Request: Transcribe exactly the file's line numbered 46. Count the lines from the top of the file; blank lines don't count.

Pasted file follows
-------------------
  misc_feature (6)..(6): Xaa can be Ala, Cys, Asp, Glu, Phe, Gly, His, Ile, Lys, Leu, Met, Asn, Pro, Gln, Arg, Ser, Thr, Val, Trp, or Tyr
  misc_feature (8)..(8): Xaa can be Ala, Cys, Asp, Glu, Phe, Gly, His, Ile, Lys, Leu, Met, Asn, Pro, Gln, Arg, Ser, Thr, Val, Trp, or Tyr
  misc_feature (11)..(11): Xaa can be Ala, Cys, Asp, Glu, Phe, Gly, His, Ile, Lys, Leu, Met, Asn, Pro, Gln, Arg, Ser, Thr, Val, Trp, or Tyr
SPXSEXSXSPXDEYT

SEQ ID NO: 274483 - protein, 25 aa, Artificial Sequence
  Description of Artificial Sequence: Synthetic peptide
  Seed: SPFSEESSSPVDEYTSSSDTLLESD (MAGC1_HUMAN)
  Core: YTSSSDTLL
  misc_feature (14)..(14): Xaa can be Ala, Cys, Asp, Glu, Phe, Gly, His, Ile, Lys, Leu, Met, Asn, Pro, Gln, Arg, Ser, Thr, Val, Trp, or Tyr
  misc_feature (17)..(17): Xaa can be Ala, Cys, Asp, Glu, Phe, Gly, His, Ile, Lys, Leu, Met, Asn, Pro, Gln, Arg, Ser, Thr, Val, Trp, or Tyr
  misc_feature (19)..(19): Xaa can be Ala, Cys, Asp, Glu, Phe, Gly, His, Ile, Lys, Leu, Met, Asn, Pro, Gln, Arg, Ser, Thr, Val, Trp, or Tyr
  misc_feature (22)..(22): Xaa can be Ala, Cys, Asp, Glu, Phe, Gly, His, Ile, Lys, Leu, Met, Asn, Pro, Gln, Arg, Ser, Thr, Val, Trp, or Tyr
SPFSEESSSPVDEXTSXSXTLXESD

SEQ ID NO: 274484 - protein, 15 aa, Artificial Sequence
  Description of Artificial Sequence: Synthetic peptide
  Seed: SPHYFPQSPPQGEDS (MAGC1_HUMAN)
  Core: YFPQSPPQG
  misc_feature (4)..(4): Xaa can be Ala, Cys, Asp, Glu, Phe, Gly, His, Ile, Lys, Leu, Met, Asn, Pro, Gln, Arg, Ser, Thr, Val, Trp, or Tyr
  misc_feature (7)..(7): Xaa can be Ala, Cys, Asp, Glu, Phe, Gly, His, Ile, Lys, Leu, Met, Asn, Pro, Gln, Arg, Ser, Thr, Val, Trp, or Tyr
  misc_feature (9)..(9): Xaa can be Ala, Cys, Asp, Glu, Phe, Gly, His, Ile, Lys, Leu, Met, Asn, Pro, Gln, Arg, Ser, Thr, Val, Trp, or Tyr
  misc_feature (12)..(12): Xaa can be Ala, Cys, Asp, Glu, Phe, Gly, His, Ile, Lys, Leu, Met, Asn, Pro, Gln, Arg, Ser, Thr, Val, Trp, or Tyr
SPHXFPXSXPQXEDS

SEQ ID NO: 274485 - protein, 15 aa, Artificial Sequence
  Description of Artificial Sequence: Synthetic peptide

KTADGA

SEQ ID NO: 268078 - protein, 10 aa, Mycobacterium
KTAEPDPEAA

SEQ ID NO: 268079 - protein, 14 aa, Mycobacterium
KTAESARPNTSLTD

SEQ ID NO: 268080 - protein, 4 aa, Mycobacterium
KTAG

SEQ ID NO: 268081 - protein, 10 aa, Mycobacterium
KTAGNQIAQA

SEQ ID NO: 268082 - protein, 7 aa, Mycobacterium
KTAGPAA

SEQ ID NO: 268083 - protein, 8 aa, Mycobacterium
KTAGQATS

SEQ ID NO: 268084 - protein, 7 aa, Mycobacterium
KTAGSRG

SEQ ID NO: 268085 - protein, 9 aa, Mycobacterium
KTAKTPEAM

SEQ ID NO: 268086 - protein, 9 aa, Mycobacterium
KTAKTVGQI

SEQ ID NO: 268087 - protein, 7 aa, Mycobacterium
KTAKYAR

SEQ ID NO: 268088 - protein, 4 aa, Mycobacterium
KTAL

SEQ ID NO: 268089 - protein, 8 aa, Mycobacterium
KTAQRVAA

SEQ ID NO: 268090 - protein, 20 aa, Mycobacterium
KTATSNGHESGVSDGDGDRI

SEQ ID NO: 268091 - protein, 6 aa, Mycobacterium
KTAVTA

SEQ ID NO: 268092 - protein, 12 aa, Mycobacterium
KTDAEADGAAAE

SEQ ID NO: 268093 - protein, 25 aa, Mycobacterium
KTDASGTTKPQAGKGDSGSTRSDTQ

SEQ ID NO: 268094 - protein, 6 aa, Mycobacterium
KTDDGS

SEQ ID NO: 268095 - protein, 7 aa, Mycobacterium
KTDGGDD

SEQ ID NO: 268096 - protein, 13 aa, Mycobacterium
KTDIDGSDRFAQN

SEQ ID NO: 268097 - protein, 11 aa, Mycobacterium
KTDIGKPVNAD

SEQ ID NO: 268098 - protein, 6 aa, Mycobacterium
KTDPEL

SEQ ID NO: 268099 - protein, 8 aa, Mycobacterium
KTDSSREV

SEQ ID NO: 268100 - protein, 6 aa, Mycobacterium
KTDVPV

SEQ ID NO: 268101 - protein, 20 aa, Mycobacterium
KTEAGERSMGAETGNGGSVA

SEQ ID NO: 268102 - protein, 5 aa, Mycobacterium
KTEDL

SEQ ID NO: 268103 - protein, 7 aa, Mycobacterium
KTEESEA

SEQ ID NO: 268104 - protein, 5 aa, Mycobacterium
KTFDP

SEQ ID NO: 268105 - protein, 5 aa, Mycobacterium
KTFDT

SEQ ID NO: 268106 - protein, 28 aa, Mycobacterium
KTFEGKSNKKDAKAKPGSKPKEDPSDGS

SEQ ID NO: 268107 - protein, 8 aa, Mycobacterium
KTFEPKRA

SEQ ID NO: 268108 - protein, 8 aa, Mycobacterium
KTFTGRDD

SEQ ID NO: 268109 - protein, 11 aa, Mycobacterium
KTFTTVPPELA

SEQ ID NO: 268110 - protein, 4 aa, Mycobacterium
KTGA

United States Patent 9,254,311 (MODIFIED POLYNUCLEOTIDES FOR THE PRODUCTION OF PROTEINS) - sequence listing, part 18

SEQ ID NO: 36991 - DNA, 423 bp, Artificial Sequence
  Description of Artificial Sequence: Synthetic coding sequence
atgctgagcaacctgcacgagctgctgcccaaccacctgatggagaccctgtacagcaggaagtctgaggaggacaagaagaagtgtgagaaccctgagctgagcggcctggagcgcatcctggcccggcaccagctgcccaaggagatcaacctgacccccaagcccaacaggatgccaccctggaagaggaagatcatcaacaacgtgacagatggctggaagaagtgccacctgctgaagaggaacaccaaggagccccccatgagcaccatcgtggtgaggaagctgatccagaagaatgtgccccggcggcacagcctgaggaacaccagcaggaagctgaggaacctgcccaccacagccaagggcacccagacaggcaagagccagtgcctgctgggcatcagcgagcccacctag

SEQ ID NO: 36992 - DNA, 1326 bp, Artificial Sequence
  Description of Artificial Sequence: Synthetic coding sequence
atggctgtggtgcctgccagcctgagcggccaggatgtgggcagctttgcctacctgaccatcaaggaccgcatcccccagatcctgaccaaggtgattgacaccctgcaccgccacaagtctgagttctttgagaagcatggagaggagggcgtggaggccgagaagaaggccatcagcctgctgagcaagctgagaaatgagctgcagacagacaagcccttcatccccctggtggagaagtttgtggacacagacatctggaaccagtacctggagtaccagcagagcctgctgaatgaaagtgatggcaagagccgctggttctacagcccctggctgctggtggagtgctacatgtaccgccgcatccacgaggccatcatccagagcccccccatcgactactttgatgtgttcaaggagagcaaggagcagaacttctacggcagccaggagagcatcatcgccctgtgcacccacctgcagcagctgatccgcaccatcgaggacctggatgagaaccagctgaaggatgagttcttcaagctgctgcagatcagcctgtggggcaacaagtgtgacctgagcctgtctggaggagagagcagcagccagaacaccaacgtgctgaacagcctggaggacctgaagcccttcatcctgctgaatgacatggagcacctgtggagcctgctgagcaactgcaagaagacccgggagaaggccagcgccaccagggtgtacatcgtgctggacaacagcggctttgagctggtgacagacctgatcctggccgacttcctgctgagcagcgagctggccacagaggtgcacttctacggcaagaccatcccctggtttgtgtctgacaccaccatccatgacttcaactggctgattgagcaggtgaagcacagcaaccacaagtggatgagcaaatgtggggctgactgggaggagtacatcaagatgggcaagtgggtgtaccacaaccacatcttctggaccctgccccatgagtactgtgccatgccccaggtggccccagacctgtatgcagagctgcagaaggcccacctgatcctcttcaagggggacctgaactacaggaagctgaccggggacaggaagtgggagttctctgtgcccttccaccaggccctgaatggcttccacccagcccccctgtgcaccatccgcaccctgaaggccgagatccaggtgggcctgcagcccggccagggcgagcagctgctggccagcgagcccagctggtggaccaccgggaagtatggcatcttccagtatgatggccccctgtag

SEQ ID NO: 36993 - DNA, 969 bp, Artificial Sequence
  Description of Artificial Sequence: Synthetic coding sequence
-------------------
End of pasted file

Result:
SEQ ID NO: 268088 - protein, 4 aa, Mycobacterium